Mordecai Richler's The Apprenticeship of... Mordecai Richler's The Apprenticeship of Duddy Kravitz certainly provides a stark contrast to F. Scott Fitzgerald's The Great Gatsby. While Fitzgerald epitomizes descriptive writing techniques, Richler is far more reserved and subtle in terms of description when juxtaposed. However, both writers are able to successfully reveal the precarious journey of, essentially, the same character. Richler's Duddy Kravitz and Fitzgerald's Jay Gatsby, exemplifies the accomplishments that result from pursuing a dream. Kravitz obediently follows his grandfather's advice: "A man without land is nobody" Richler, 49. Meanwhile, Gatsby follows his heart and pursues Daisy Buchanans' unrequited love. While there are parallactic views on whether each character's actions are inspiring or denouncing, the similarities between the two are blatantly obvious. The psychological structure of Kravitz essentially parallels that of Gatsby because both rise to prominence from meager existence, both attempt to conceal their inauspicious past, both pursue their goals through questionable means, and both base their entire existence on a dream which ultimately proves to be their downfall. A common past may partially be responsible for the close psychological similarities between Kravitz and Gatsby. During their initial portion of life, both characters were confronted with similar problems. Due to their impoverished state, both characters appeared bound to a lifetime of mediocrity. As Richler describes, "Where Duddy Kravitz sprung from the boys grew up dirty and sad, spiky also, like grass beside the railroad tracks." 45. Kravitz's background is further exposed when he claims, "He's a hack and he picks up extra money pimping. My father's a pimp"¦That ought to be good for a laugh. My old man's a lousy pimp." 105. Certainly, Kravitz was never brought up under ideal conditions, and neither was Gatsby, who encounters much of the same problems. "For over a year he had been beating his way along the south shore of Lake Superior as a clam-digger and a salmon fisher or in any other capacity that brought him food and bed." Fitzgerald, 95. Fitzgerald further reinforces this fact, "A young major just out of the army and covered with medals he got in the war. He was so hard up he had to keep wearing his uniform because he couldn't buy some regular clothes"¦Start him! I made him...I raised him out of nothing, right out of the gutter." 162. Undoubtedly, both characters begin their journeys with similar challenges. While Kravitz desperately attempts to avoid a lifetime of "nothingness," Gatsby struggles to overcome his status as a "poor boy, who can't marry rich girls." In essence, poverty is the major contributing factor responsible for the irrepressible desire exemplified by Kravitz and Gatsby. Thus, it is vital that each character experience it. Since Kravitz and Gatsby are exposed to the same challenges during their childhood years, both are able to develop similar psychological characters. Thus, the resounding desire possessed by each as a result of poverty, proves that Kravitz and Gatsby possess the same psychological mindset. Kravitz and Gatsby have essentially created a mythological past to obscure their inauspicious backgrounds. Both characters demonstrate an overwhelming sense of arrogance, which partially forces them to conceal their backgrounds. Kravitz has created a fictional brother, who had, Run away to the States at fifteen, lied about his age, joined the air force, and sunk three Jap battleships in the Pacific. They were going to make a movie about his life, maybe. After the war Bradley rescued an Arizona millionaire's beautiful daughter from drowning, married her, and bought a ranch. Richler, 12. Richler later reveals the falsehood of this statement: "Familiar with all of Bradley's exploits the boys also suspected that he was a fictional character, but nobody dared accuse Duddy of lying." 12. In addition to creating a fictional past, Kravitz also greatly exaggerates his position in life. "He told her about his brother Bradley and that the Boy Wonder, an intimate of his father's was willing to back him in any line he chose." Richler, 89. Much like Kravitz, Gatsby also creates a mythological past to conceal his mysterious background. I am the son of some wealthy people in the Middle West-all dead now. I was brought up in America but educated at Oxford, because all my ancestors have been educated there for many years. It is a family tradition. My family all died and I came into a good deal of money. After that I lived like a young Raja in all the capitals of Europe- Paris, Venice, Rome- collecting jewels, chiefly rubies, hunting big game, painting a little, things for myself only, and trying to forget something very sad that had happened to me long ago." Fitzgerald, 64. Partially fueled by their arrogance, both characters obscure their past in order to satisfy their conscience. As a result, it can be concluded that Kravitz and Gatsby hold the same vision of themselves. Both are unwilling, or unable to accept their past, and thus, feel obligated and entirely justified to create a self-molded image of themselves. Kravitz chooses to hide his background among the other boys at St Agathe, while Gatsby creates his past in order to rid himself of his previous status. Thus, because both characters create a mythological past, whose creation is fueled by similar factors, Kravitz and Gatsby share identical psychological characters. Kravitz and Gatsby use highly questionable, and at times, immoral means to obtain their goals. Kravitz's struggle to avoid "nothingness," and Gatsby's hunt for the illusive "green light" compels them to perform questionable actions throughout their journeys. Kravitz was willing to lie, cheat, and swindle those closest to him. Yvette claims: I've seen you do lots of dishonest things, Duddy but never in my life did I expect you to cheat a boy like Virgil"¦I never thought you were such a bastard"¦Do you mean to say that knowing how grateful he'd be for a job-any job- you managed to swindle him out of his thousand dollars? Oh, Duddy. Richler, 253. Kravitz believes he is entirely justified in doing such things. It's their fault, he thought, they wouldn't help me, they're forcing me into it. Pushing me, he thought, and he went into Virgil's room. The check book wasn't even hidden"¦He forged the signature by holding the cheques and a letter Virgil had signed up to the window and tracing slowly"¦I'll wait for an hour, he thought, well three-quarters anyway, and if they show up before then I'll tear up the cheque. If not-Well, they shouldn't leave me alone for that long. Not in my desperate condition. Richler, 364. Kravitz's philosophy to place his ambitions above all else is essentially equal to Gatsby's belief of the "green light." Likewise, he uses dishonest schemes to achieve his wealth. She's not leaving me! Certainly not for a common swindler who'd have to steal the ring he put on her finger"¦Who are you anyhow? You're one of that bunch that hangs around Meyer Wolfshiem- that much I happen to know. I've made a little investigation into your affairs- and I'll carry it further tomorrow"¦I found out what your "drug stores" were, He and this Wolfshiem bought up a lot of side-street drug stores here and in Chicago and sold grain alcohol over the counter. That's one of his little stunts. I picked him for a bootlegger the first time I saw him, and I wasn't too far off. Fitzgerald, 127. Gatsby does whatever is necessary in order to attain his love for Daisy. His extra marital relationship with her signifies to what extent he is willing to reach. Gatsby does not realize, nor does he care, about the eventual repercussions of such relationship, much like Kravitz's disrespectful relationship with of Yvette and Virgil. Both Kravitz and Gatsby use dishonest and shortsighted means to achieve their goals. In addition, both are unable to realize the moral limits of attaining such goals. Therefore, Kravitz and Gatsby's inability to realize the moral limits of pursuing their goals clearly reveals the psychological parallels of each character. The uncontrollable desire exemplified by Kravitz and Gatsby ultimately proves to be their downfall. Both fail to realize the importance of the things around them, and thus are unable to clearly differentiate between good and evil. Their uncontrollable desire has blinded them. Kravitz is unable to evaluate the seriousness of the statement: "A man without land is nobody" Richler, 49. Thus, he needlessly pursues a goal that is hypothetically preposterous. In the end, Kravitz is unable to distinguish good from evil, allies from foes. When Dingleman offers a proposal, "It's going to cost you a fortune to develop this land"¦You're going to need lots of money, Duddy. A fortune"¦Alone, you'll never raise the money you need. With my help we could turn this into a model resort town in five years." Richler, 371. Kravitz is unable to see the seriousness in Dingleman. In addition, he also fails to realize the importance of Yvette and Virgil's friendship. In the end, Kravitz looses his friendships, but most importantly, he looses Simcha's faith. "I can see what you have planned for me, Duddel. You'll be good to me. You'd give me everything I wanted. And that would settle your conscience when you went out to swindle others." Richler, 373. Therefore, Kravitz can be considered a failure because he is unable to control his overwhelming desire to avoid "nothingness." Gatsby, however, suffers a more tragic ending. Much like Kravitz, Gatsby based his entire existence on fulfilling his dream. He became infatuated by what he lacked, instead of what he possessed. This is evident when he finally gained his vast amounts of fortunes he so desired, yet, he still feels unfulfilled without Daisy. Thus, as Nick Carraway, the narrator of The Great Gatsby puts it, He had come along way to this blue lawn, and his dream must have seemed so close that he could hardly fail to grasp it. He did not know that it was already behind him, somewhere back in that vast obscurity beyond the city, where the dark fields of the republic rolled on under the night. Fitzgerald, 171. Thus, Gatsby is unable to realize his accomplishments because the idea of continually pursuing his dream has essentially blinded him from reality. Therein lays the psychological parallel between Kravitz and Gatsby. Both base their entire existence on pursuing a dream, and it is the very essence-the desire that they possess, which eventually isolates them from reality. Kravitz is unable to realize the importance of Yvette and Virgil, much like Gatsby has failed to bask in his own glory. Both have envisioned a "perfect" life, but yet, lose what they have achieved. Thus, Kravitz and Gatsby's parallel philosophy of placing dreams above all else proves to be their downfall, but more importantly, demonstrates their similar values and morals. The rise from meagre existence, the creation of a mythological past, the pursuing of a dream through questionable means, and basing an entire existence on a dream are all similar virtues possessed by Duddy Kravitz and Jay Gatsby. Thus, Kravitz and Gatsby can be considered the same characters on the same overall journey. However, there is an extreme sense of irony when observing Kravitz and Gatsby. Kravitz desires wealth, land, and social status, while failing to realize Yvette's love for him. He is surrounded by people who care for him, and appreciate his qualities. Gatsby, however, has accomplished what Kravitz yearns, yet he lacks what Kravitz takes for granted: love. Thus, there certainly is a paradox about the belief that Kravitz and Gatsby are the same character. Both live two opposite lives, yearning for what the other takes for granted. Yet, their journeys are eerily similar. Perhaps Richler and Fitzgerald are not criticizing the idea of pursuing a dream. Perhaps they are revealing the fine equilibrium that must be reached in order to avoid destruction- a man without desire is a nobody, but a man without anyone to appreciate his desire is also a nobody.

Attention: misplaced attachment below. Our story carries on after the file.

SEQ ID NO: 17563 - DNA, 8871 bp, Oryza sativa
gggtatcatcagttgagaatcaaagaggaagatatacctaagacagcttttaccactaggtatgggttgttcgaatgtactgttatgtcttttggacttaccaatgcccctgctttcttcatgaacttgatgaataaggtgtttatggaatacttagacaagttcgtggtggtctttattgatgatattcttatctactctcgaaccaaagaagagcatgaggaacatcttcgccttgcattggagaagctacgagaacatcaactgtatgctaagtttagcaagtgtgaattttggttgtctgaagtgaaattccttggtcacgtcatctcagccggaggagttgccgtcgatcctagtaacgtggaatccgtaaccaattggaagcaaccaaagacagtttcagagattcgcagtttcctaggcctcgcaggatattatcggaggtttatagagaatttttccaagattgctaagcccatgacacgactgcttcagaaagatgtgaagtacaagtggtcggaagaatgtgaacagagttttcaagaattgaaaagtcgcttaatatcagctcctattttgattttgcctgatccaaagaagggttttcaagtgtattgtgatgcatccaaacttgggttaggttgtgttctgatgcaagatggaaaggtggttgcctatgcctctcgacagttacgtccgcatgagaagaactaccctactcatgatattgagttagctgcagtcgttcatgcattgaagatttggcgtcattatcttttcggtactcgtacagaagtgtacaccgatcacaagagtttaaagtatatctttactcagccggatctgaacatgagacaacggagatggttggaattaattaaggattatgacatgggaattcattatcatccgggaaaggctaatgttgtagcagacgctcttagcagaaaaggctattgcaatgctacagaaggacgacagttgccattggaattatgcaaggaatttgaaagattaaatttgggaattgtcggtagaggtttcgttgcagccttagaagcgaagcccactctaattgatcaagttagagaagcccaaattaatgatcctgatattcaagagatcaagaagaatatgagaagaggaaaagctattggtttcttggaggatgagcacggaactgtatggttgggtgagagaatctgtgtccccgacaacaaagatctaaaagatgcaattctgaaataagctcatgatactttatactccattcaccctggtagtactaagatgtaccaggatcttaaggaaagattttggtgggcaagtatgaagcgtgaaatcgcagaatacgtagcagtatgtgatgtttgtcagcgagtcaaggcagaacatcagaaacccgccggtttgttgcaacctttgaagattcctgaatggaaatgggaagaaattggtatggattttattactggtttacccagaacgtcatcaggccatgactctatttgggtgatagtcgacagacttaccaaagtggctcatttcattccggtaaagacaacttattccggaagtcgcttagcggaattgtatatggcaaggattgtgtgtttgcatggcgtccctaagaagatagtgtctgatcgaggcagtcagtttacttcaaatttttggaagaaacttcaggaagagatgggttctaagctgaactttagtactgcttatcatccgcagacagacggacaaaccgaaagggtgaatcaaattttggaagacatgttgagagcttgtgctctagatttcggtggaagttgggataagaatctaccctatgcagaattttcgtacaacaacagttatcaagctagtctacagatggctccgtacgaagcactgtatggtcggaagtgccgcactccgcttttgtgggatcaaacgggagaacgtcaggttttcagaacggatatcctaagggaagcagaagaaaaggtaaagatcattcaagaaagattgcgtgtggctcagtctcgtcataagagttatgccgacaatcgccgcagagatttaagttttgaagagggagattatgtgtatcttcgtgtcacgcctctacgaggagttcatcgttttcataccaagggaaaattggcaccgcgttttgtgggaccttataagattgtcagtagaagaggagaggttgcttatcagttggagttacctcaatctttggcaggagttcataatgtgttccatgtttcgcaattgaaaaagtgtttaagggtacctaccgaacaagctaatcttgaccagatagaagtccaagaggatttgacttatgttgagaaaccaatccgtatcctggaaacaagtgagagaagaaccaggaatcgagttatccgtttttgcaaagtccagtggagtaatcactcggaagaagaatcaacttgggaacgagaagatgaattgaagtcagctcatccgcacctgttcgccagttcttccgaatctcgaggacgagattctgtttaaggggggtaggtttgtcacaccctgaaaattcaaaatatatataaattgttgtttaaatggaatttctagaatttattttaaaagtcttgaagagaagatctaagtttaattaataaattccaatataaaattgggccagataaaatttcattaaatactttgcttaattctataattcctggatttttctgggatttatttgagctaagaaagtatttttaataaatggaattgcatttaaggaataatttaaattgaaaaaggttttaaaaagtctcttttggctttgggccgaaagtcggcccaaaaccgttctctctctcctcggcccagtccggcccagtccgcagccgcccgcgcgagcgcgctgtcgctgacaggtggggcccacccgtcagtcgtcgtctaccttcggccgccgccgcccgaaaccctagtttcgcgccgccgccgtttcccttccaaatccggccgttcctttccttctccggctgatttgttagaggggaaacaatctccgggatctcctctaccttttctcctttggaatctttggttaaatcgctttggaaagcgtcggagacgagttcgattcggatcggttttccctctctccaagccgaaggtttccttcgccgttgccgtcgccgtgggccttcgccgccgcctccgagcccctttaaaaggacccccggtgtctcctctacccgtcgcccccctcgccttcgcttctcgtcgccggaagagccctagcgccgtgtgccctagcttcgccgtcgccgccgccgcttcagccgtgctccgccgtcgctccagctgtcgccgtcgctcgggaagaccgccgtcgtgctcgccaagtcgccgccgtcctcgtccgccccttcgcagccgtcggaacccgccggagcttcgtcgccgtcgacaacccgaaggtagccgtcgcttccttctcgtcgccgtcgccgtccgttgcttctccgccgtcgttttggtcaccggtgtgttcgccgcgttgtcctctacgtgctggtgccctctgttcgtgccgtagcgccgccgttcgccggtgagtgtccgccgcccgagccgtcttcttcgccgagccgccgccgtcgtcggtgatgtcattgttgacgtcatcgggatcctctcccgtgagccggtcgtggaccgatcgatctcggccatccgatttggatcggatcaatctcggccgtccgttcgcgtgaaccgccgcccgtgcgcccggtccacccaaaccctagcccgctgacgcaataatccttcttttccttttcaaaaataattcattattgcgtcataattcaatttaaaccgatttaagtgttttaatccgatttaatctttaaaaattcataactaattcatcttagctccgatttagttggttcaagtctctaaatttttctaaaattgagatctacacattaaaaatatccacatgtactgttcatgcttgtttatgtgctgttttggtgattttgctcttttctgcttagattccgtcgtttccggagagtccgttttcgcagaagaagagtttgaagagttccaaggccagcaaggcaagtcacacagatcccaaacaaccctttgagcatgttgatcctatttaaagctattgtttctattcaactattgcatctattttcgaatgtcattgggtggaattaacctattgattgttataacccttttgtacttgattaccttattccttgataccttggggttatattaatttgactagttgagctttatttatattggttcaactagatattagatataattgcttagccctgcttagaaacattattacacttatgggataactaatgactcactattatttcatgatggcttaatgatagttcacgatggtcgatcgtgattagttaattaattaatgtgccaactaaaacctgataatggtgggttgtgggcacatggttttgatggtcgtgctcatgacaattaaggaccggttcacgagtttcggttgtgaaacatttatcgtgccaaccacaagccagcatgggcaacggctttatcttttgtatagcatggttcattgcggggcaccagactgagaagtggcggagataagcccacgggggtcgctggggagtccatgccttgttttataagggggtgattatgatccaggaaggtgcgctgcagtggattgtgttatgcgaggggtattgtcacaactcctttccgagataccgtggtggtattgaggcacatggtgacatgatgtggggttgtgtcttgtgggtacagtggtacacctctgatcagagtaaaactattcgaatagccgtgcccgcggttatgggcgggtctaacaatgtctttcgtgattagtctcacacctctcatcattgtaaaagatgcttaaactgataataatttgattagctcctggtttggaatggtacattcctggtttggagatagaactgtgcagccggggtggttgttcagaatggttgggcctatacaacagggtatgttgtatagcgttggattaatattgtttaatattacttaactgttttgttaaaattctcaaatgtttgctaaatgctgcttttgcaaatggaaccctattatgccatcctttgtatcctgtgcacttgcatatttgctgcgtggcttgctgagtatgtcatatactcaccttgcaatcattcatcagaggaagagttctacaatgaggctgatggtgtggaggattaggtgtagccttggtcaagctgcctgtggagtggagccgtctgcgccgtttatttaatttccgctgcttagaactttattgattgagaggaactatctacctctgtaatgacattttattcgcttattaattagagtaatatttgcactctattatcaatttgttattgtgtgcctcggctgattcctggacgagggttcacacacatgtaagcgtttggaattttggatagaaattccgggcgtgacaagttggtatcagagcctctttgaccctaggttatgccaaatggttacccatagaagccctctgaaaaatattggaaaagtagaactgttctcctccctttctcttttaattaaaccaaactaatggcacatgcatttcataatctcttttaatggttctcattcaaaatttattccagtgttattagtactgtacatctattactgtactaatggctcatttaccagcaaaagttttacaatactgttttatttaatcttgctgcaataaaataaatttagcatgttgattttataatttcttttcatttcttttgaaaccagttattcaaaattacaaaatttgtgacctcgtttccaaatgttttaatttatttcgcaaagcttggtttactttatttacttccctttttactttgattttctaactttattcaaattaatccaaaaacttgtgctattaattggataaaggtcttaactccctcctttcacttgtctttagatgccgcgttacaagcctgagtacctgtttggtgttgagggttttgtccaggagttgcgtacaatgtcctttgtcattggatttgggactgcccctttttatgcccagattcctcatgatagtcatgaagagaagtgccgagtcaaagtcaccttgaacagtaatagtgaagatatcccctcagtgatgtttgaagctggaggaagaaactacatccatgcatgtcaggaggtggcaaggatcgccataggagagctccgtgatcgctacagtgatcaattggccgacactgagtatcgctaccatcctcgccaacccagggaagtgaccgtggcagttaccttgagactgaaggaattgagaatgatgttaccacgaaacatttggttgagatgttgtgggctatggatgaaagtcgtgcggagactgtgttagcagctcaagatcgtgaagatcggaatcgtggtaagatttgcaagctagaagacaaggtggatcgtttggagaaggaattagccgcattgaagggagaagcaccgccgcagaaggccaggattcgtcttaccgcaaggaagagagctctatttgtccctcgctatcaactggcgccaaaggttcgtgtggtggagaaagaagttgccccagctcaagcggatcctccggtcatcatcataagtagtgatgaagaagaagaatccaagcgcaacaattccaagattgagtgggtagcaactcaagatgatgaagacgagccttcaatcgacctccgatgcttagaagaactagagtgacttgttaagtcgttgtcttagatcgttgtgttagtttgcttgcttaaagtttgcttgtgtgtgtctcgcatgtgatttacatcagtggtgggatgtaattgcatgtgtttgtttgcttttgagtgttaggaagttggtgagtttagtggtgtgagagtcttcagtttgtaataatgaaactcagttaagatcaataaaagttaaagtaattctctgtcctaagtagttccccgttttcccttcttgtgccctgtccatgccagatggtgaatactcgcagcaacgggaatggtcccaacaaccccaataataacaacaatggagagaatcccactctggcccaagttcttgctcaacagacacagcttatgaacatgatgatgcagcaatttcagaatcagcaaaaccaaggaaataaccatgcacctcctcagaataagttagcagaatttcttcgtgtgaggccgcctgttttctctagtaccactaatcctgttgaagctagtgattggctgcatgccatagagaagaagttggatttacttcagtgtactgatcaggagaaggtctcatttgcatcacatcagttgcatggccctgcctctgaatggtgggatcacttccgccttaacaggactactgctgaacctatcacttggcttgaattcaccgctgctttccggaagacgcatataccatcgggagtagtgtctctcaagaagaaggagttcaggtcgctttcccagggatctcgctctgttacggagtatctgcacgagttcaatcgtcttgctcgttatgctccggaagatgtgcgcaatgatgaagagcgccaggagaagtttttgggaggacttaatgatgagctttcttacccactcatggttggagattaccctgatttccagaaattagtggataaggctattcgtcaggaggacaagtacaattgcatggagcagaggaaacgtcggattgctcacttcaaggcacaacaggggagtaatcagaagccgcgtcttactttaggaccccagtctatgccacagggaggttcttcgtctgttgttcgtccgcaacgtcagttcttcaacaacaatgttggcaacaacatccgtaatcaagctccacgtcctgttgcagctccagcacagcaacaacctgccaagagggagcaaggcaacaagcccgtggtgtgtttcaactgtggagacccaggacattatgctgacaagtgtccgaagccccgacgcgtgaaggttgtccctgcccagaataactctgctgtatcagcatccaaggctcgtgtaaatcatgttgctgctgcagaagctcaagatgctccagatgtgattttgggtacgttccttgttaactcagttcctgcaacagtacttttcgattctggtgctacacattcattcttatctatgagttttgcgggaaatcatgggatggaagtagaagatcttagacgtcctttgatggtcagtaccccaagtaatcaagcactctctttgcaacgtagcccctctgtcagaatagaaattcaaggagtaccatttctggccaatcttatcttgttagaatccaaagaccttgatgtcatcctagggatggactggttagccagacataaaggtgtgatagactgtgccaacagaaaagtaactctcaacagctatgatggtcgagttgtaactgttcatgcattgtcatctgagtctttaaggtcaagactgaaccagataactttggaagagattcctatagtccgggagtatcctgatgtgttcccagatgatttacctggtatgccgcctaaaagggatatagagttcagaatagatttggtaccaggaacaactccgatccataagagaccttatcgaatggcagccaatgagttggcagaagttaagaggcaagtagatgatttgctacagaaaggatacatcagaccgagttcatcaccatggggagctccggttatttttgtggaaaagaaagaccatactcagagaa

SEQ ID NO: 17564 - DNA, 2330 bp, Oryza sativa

Mordecai Richler's The Apprenticeship of Duddy Kravitz certainly provides a stark contrast to F. Scott Fitzgerald's The Great Gatsby. While Fitzgerald epitomizes descriptive writing techniques, Richler is far more reserved and subtle in terms of description when juxtaposed. However, both writers are able to successfully reveal the precarious journey...